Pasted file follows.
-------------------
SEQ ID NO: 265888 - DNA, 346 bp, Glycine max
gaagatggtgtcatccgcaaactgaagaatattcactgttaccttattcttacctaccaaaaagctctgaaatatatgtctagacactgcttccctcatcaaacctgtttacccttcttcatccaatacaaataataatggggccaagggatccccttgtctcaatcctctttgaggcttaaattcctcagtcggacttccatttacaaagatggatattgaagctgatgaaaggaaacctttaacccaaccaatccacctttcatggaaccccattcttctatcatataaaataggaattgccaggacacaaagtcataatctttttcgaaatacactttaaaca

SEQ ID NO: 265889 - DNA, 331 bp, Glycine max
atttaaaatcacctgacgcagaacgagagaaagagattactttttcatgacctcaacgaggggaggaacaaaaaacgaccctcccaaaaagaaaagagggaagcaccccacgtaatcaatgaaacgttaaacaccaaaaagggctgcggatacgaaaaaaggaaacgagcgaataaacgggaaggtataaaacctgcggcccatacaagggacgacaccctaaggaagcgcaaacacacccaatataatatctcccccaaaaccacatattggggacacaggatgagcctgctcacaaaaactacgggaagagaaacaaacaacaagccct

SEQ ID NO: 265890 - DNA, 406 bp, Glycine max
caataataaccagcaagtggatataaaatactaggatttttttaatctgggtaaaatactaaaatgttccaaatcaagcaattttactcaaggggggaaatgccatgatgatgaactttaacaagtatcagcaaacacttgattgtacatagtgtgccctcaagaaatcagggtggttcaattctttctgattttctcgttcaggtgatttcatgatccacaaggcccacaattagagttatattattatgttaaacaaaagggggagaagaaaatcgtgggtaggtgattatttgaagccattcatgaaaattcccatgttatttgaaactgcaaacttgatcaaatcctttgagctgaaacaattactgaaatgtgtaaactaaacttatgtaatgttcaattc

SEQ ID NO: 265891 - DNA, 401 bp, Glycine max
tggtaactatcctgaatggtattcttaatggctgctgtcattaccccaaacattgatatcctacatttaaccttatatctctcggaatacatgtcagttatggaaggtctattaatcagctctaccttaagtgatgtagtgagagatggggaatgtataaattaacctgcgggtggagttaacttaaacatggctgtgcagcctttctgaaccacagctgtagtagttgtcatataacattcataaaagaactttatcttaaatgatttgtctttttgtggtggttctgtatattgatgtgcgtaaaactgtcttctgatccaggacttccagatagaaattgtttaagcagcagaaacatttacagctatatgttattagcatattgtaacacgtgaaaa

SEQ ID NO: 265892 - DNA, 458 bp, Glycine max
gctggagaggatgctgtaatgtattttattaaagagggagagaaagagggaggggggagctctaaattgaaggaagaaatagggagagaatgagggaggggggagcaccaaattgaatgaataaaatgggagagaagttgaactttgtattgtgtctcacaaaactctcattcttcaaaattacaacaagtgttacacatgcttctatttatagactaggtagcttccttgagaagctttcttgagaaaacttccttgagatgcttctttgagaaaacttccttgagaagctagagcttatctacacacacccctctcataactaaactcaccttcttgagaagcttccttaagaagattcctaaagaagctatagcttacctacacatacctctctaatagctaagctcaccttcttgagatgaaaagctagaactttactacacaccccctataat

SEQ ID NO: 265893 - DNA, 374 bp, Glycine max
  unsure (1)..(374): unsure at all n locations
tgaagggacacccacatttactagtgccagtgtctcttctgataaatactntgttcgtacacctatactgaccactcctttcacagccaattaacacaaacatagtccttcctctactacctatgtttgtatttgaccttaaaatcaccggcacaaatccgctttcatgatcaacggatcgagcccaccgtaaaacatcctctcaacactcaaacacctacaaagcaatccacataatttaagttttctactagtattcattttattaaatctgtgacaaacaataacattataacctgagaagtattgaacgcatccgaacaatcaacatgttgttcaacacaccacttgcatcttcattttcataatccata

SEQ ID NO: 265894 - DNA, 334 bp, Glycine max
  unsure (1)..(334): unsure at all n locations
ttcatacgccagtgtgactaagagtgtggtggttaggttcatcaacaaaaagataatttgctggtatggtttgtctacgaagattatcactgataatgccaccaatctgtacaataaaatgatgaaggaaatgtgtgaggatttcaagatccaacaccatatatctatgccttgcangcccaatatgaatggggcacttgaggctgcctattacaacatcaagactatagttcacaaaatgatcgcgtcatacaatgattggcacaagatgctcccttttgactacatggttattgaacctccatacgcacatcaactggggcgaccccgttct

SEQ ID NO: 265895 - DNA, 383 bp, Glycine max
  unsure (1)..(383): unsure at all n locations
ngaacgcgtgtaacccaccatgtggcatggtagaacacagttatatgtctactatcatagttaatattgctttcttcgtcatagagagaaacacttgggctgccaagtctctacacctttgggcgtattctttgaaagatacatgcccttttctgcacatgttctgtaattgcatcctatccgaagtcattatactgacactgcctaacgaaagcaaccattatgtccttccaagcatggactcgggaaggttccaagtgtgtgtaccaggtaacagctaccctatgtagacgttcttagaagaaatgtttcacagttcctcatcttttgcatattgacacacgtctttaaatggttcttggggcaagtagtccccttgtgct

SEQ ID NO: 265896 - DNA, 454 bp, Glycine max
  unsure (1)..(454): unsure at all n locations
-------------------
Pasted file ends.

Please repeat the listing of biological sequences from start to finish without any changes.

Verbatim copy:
SEQ ID NO: 265888 - DNA, 346 bp, Glycine max
gaagatggtgtcatccgcaaactgaagaatattcactgttaccttattcttacctaccaaaaagctctgaaatatatgtctagacactgcttccctcatcaaacctgtttacccttcttcatccaatacaaataataatggggccaagggatccccttgtctcaatcctctttgaggcttaaattcctcagtcggacttccatttacaaagatggatattgaagctgatgaaaggaaacctttaacccaaccaatccacctttcatggaaccccattcttctatcatataaaataggaattgccaggacacaaagtcataatctttttcgaaatacactttaaaca

SEQ ID NO: 265889 - DNA, 331 bp, Glycine max
atttaaaatcacctgacgcagaacgagagaaagagattactttttcatgacctcaacgaggggaggaacaaaaaacgaccctcccaaaaagaaaagagggaagcaccccacgtaatcaatgaaacgttaaacaccaaaaagggctgcggatacgaaaaaaggaaacgagcgaataaacgggaaggtataaaacctgcggcccatacaagggacgacaccctaaggaagcgcaaacacacccaatataatatctcccccaaaaccacatattggggacacaggatgagcctgctcacaaaaactacgggaagagaaacaaacaacaagccct

SEQ ID NO: 265890 - DNA, 406 bp, Glycine max
caataataaccagcaagtggatataaaatactaggatttttttaatctgggtaaaatactaaaatgttccaaatcaagcaattttactcaaggggggaaatgccatgatgatgaactttaacaagtatcagcaaacacttgattgtacatagtgtgccctcaagaaatcagggtggttcaattctttctgattttctcgttcaggtgatttcatgatccacaaggcccacaattagagttatattattatgttaaacaaaagggggagaagaaaatcgtgggtaggtgattatttgaagccattcatgaaaattcccatgttatttgaaactgcaaacttgatcaaatcctttgagctgaaacaattactgaaatgtgtaaactaaacttatgtaatgttcaattc

SEQ ID NO: 265891 - DNA, 401 bp, Glycine max
tggtaactatcctgaatggtattcttaatggctgctgtcattaccccaaacattgatatcctacatttaaccttatatctctcggaatacatgtcagttatggaaggtctattaatcagctctaccttaagtgatgtagtgagagatggggaatgtataaattaacctgcgggtggagttaacttaaacatggctgtgcagcctttctgaaccacagctgtagtagttgtcatataacattcataaaagaactttatcttaaatgatttgtctttttgtggtggttctgtatattgatgtgcgtaaaactgtcttctgatccaggacttccagatagaaattgtttaagcagcagaaacatttacagctatatgttattagcatattgtaacacgtgaaaa

SEQ ID NO: 265892 - DNA, 458 bp, Glycine max
gctggagaggatgctgtaatgtattttattaaagagggagagaaagagggaggggggagctctaaattgaaggaagaaatagggagagaatgagggaggggggagcaccaaattgaatgaataaaatgggagagaagttgaactttgtattgtgtctcacaaaactctcattcttcaaaattacaacaagtgttacacatgcttctatttatagactaggtagcttccttgagaagctttcttgagaaaacttccttgagatgcttctttgagaaaacttccttgagaagctagagcttatctacacacacccctctcataactaaactcaccttcttgagaagcttccttaagaagattcctaaagaagctatagcttacctacacatacctctctaatagctaagctcaccttcttgagatgaaaagctagaactttactacacaccccctataat

SEQ ID NO: 265893 - DNA, 374 bp, Glycine max
  unsure (1)..(374): unsure at all n locations
tgaagggacacccacatttactagtgccagtgtctcttctgataaatactntgttcgtacacctatactgaccactcctttcacagccaattaacacaaacatagtccttcctctactacctatgtttgtatttgaccttaaaatcaccggcacaaatccgctttcatgatcaacggatcgagcccaccgtaaaacatcctctcaacactcaaacacctacaaagcaatccacataatttaagttttctactagtattcattttattaaatctgtgacaaacaataacattataacctgagaagtattgaacgcatccgaacaatcaacatgttgttcaacacaccacttgcatcttcattttcataatccata

SEQ ID NO: 265894 - DNA, 334 bp, Glycine max
  unsure (1)..(334): unsure at all n locations
ttcatacgccagtgtgactaagagtgtggtggttaggttcatcaacaaaaagataatttgctggtatggtttgtctacgaagattatcactgataatgccaccaatctgtacaataaaatgatgaaggaaatgtgtgaggatttcaagatccaacaccatatatctatgccttgcangcccaatatgaatggggcacttgaggctgcctattacaacatcaagactatagttcacaaaatgatcgcgtcatacaatgattggcacaagatgctcccttttgactacatggttattgaacctccatacgcacatcaactggggcgaccccgttct

SEQ ID NO: 265895 - DNA, 383 bp, Glycine max
  unsure (1)..(383): unsure at all n locations
ngaacgcgtgtaacccaccatgtggcatggtagaacacagttatatgtctactatcatagttaatattgctttcttcgtcatagagagaaacacttgggctgccaagtctctacacctttgggcgtattctttgaaagatacatgcccttttctgcacatgttctgtaattgcatcctatccgaagtcattatactgacactgcctaacgaaagcaaccattatgtccttccaagcatggactcgggaaggttccaagtgtgtgtaccaggtaacagctaccctatgtagacgttcttagaagaaatgtttcacagttcctcatcttttgcatattgacacacgtctttaaatggttcttggggcaagtagtccccttgtgct

SEQ ID NO: 265896 - DNA, 454 bp, Glycine max
  unsure (1)..(454): unsure at all n locations